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Radon and Its Effects on Your Commercial Property

Radon and Its Effects on Your Commercial PropertyRadon is a naturally occurring, radioactive gas that is estimated to be present in one out of every 15 U.S. homes in the United States. It is colorless, tasteless and odorless, and can result in serious adverse health effects – in fact, it is the second-leading cause of lung cancer in the United States next to smoking, according to the U.S. Surgeon General.

Although only some states have laws about testing and disclosing a property’s levels, unacceptable levels of can inhibit efforts to sell, transfer or finance a property, and can expose a property owner to resident complaints and inhabitability claims. Fortunately, even very high levels of radon can be effectively remediated.

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Testing for Radon

The Environmental Protection Agency (EPA) recommends testing under the following circumstances:
• The building has never been tested.
• The building has not been tested in two years.
• The building was renovated since it was last tested.
• The building was tested on a higher level than you plan to occupy.

You can either test yourself or call a qualified professional. The testing method used depends on your needs and time constraints. Testing can be passive (using charcoal canisters or alpha-track detectors) or active (using continuous radon monitors). Passive methods are readily available at hardware stores, while active methods are typically performed by testing professionals.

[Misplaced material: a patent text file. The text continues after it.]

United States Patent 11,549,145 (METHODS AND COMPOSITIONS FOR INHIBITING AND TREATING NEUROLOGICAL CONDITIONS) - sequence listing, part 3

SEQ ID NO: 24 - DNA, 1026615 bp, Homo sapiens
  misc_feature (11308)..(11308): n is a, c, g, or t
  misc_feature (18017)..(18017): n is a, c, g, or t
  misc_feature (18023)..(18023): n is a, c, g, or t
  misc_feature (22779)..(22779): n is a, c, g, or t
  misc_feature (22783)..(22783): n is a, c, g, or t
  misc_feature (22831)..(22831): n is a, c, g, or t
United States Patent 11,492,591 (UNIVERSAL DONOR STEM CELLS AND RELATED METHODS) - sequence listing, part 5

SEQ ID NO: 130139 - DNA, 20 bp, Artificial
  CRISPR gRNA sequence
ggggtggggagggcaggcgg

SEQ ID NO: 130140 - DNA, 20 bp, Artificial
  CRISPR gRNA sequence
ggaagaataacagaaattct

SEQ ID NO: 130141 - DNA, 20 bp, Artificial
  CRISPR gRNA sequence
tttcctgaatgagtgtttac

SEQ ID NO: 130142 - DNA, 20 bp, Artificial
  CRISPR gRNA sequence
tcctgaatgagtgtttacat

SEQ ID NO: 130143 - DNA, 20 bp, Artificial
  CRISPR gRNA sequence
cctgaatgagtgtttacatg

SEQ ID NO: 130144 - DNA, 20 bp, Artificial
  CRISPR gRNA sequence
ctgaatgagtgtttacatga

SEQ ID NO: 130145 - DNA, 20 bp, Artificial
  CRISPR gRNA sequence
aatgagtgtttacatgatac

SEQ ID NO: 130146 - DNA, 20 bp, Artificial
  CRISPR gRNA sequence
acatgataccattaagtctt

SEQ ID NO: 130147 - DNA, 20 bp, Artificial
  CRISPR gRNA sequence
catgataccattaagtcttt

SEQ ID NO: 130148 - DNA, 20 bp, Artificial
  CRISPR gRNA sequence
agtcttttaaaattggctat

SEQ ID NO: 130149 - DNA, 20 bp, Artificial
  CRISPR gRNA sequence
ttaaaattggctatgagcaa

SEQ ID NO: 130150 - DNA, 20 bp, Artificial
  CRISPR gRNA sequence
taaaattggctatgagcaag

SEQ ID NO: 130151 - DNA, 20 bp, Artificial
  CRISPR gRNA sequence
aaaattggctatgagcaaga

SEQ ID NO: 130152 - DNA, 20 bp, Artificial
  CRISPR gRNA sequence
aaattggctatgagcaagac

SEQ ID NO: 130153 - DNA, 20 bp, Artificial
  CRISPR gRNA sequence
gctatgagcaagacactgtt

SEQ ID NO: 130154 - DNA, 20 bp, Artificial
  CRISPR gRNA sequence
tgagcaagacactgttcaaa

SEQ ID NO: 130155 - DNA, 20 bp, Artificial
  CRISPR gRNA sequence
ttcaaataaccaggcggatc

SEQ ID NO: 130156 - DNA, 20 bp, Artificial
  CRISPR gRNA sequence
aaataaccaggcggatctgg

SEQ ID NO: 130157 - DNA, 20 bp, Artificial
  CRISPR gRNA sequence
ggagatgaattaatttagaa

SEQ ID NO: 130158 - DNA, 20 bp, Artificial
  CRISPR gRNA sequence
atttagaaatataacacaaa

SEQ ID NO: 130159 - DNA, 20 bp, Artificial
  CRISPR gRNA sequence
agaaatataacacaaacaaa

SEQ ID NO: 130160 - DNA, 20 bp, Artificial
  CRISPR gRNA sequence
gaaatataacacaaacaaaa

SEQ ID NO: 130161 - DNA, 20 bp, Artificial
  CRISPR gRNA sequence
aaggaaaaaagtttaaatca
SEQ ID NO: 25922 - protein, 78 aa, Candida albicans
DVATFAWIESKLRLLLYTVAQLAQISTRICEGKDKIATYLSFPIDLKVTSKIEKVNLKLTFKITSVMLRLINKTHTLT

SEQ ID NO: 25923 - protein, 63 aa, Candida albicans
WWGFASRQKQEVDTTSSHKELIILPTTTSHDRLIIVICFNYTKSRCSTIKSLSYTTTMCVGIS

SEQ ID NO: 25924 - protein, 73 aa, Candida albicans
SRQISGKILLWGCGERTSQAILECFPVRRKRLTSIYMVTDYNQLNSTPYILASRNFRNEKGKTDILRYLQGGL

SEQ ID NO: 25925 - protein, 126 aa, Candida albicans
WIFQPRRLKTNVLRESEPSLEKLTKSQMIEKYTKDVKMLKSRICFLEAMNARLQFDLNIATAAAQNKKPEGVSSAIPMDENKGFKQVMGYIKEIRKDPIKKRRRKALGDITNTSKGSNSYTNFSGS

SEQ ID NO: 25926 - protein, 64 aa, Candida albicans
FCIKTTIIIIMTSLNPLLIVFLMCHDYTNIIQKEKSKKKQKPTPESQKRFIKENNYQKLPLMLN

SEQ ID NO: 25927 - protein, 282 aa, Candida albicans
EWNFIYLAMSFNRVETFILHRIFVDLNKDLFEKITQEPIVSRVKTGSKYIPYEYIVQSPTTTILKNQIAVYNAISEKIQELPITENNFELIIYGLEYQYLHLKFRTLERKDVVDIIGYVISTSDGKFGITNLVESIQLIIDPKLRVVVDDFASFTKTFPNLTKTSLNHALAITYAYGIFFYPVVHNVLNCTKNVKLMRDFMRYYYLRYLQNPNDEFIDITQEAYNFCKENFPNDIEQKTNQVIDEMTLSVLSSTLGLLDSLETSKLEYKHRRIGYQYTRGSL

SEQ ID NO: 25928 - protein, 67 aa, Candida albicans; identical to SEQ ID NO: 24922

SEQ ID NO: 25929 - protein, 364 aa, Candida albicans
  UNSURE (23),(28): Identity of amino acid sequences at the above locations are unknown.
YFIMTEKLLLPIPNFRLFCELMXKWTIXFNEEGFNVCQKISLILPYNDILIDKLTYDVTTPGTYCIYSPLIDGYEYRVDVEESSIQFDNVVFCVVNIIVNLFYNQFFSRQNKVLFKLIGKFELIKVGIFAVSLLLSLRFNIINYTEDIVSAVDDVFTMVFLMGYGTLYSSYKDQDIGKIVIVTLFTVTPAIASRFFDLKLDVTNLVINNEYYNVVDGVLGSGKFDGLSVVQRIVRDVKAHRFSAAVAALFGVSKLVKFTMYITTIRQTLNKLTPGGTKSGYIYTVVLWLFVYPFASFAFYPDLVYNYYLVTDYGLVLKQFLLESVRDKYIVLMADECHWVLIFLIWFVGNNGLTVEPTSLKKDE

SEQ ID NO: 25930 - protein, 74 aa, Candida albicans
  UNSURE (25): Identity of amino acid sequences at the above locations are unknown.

What is a Typical or Acceptable Level?

The average indoor radon level is 1.3 pCi/L, and the average outside radon level is .4 pCi/L. While the action level established by the EPA is 4 pCi/L or more, that of the World Health Organization (WHO) is as low as 2.7 pCi/L. Remediation can be considered between 2 and 4 pCi/L.

How Can I Remediate It?

The right remediation method depends on various factors, including building design, construction
materials and other factors. Typical methods of remediation are sealing cracks and other openings
in the foundation and the installation of a vent and fan system. If the building’s water source has
high levels of radon, a point-of-entry treatment device can be installed to reduce emissions.

Can I Prevent Radon Intrusion?

There are proven radon-resistant building techniques, which both mitigate radon levels and improve building energy efficiency and moisture control, such as the following:

• Gas-permeable layers
• Plastic sheeting
• Sealing and caulking
• Vent pipes
• Junction boxes
These techniques have proven to be more cost efficient than remediating elevated levels of radon in an existing building.

Brian Blaston Hardenbergh

 

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